ONE of the greatest win-win developments in the NHS must be the increase in operations that can be performed in day surgery. Patients get home on the same day and budget savings must be enormous
Following a pre-assessment check last month I had an op in St John’s day surgery last week. I was admitted at 7.30am, in theatre by about 10am, back in my four-bed day ward by 11am (or earlier . . . how would I know having had a general anaesthetic?), had a fresh, tasty sandwich and tea, a post-op visit from the anaesthetist and surgeon, and was back home by 2pm!
My little ward was friendly, spotlessly clean (St John’s have their own NHS cleaners, not agency contracts) and staff and patients were on first-name terms. I felt so looked after, it was almost like a spa day.
What was missing? Patients. There should have been four admissions that morning but only two of us turned up. Naturally the staff were not in a position to discuss that in depth but I did manage to wangle out of them that no-shows were not uncommon.
Some might have good reason – dementia perhaps? For others, a home emergency, or a transport issue? But then, wouldn’t they have phoned? Perhaps their appointment letter had gone astray, but most, if not all, would have had their pre-assessment check in previous weeks by which time their op date was confirmed.
The surgeon, anaesthetist, theatre time, theatre staff, ward staff were all there, ready and waiting. Did these absentees realise how much NHS money they were wasting? Not only that but someone else could have been scheduled for that surgery. If no-shows are a regular occurrence, it’s no wonder we have waiting lists.
And it’s not just operations. In England missed GP appointments cost the NHS £1 billion. In Scotland, hundreds of thousands of patients every year scheduled for medical appointments are DNAs. That’s nothing to do with genetic identification, it means “Did Not Attend”.
And as we all know, the pressure on A&E departments is increased by people who are not presenting with emergencies, but with minor ailments that a pharmacist could competently deal with.
So while political parties rage at each other for not spending enough on the health service or we are sold the idea that it’s all down to poor levels of management (all of which could be true), it’s also time we had a look in the mirror. In the United States, the predominantly private health care system costs much more and delivers far less. Those who believe the more expensive something is, the better it is bound to be, are completely misled when it comes to medicine.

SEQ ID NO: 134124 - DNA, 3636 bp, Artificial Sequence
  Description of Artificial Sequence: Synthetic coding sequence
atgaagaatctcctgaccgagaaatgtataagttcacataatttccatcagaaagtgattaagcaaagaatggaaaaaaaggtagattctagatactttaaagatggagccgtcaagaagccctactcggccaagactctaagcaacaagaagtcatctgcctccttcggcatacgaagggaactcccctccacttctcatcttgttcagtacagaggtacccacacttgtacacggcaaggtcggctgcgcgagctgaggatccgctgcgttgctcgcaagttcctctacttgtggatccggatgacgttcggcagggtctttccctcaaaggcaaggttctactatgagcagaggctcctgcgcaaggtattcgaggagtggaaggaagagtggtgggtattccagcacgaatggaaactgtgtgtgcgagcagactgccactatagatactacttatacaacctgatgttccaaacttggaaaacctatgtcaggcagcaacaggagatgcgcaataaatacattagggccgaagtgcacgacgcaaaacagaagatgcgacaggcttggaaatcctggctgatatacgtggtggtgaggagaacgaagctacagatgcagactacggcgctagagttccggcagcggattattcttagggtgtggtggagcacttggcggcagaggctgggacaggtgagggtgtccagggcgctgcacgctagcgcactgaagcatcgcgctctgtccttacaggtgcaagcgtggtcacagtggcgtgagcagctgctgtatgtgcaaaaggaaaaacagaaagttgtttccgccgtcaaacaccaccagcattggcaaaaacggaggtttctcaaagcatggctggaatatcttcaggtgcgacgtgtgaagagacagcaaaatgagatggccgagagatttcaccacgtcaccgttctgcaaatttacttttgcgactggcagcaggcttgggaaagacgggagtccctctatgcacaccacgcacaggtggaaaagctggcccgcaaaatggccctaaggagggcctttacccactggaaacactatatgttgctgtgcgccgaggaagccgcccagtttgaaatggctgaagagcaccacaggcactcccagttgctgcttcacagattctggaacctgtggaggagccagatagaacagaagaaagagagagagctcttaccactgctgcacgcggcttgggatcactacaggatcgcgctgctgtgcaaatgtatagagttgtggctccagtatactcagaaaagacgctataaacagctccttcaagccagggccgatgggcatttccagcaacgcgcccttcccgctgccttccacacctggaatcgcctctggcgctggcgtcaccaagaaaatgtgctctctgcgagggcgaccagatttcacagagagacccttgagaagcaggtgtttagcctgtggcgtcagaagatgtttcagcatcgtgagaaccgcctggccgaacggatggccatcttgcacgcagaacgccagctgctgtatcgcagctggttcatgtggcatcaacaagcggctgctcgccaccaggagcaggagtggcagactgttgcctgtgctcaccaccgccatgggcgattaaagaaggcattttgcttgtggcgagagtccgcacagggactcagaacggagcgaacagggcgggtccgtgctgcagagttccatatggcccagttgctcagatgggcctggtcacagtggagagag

We are blessed to have the NHS. The downside of a free-at-the-point-of-need service is that some people take it for granted, seeing free health care as a God-given right. It is not. And it won’t continue in this country if we continue to abuse it.
Draconian measures such as fines, or “black-listing” would be impractical and heartless, and solving no-shows is only a small part of the funding challenge.
But if ever there was a need for a government campaign, this is it - showing what life would be like without the NHS and shaming those who don’t respect or value it.
Get your scores on the door
SINCE the Official Monster Raving Loony Party was established in 1983 by Screaming Lord Sutch I’ve always seen it as a joke.
But with the current mess of UK and world politics, not to mention the lack of constructive opposition in Holyrood, I think the Loonies could be coming into their own, and should set up a Scottish branch.
In three days their candidate, The Incredible Flying Brick, is standing in the Stoke-on-Trent Central by-election triggered by the resignation of Labour’s Tristram Hunt, and has no chance of winning.
But what the OMRLP does offer is the opportunity to register votes of no confidence in the traditional parties and system. Ballot papers don’t offer a “none of the above” box and spoiled papers don’t count.
But a vote for OMRLP is counted and logs what many of us believe. Our political party system is broken and serves itself rather than the people.
Abbott worried she’s lost con-troll
DIANE Abbott MP is one of many who complain about online trolls, whether the attacks are racist, sexist, violently threatening or just plain disgusting. She now argues that such “personal destruction” could put women off politics. Politics? What makes that more important than any other public role from singing to business success, let alone the persecution of school children by class-mates.
This has nothing to do with politics. It’s all about social media, no matter who the victim is, and the nasty side of human nature. As the saying goes, if you can’t stand the heat, get out of the kitchen.
The social media genie is out of the bottle and with no “con-trolls” in place, trolling has become the norm. Everyone has to weigh up the benefits against the downsides, the handy form of communication v. the instrument of mental torture. Be part of it, or stop using it –whining doesn’t help.
So is the pen still mightier?
ANOTHER example of how modern technology has changed society. Went to sign a paper petition on Princes Street. The campaigners didn’t have a pen. And as two journalists, nor did we!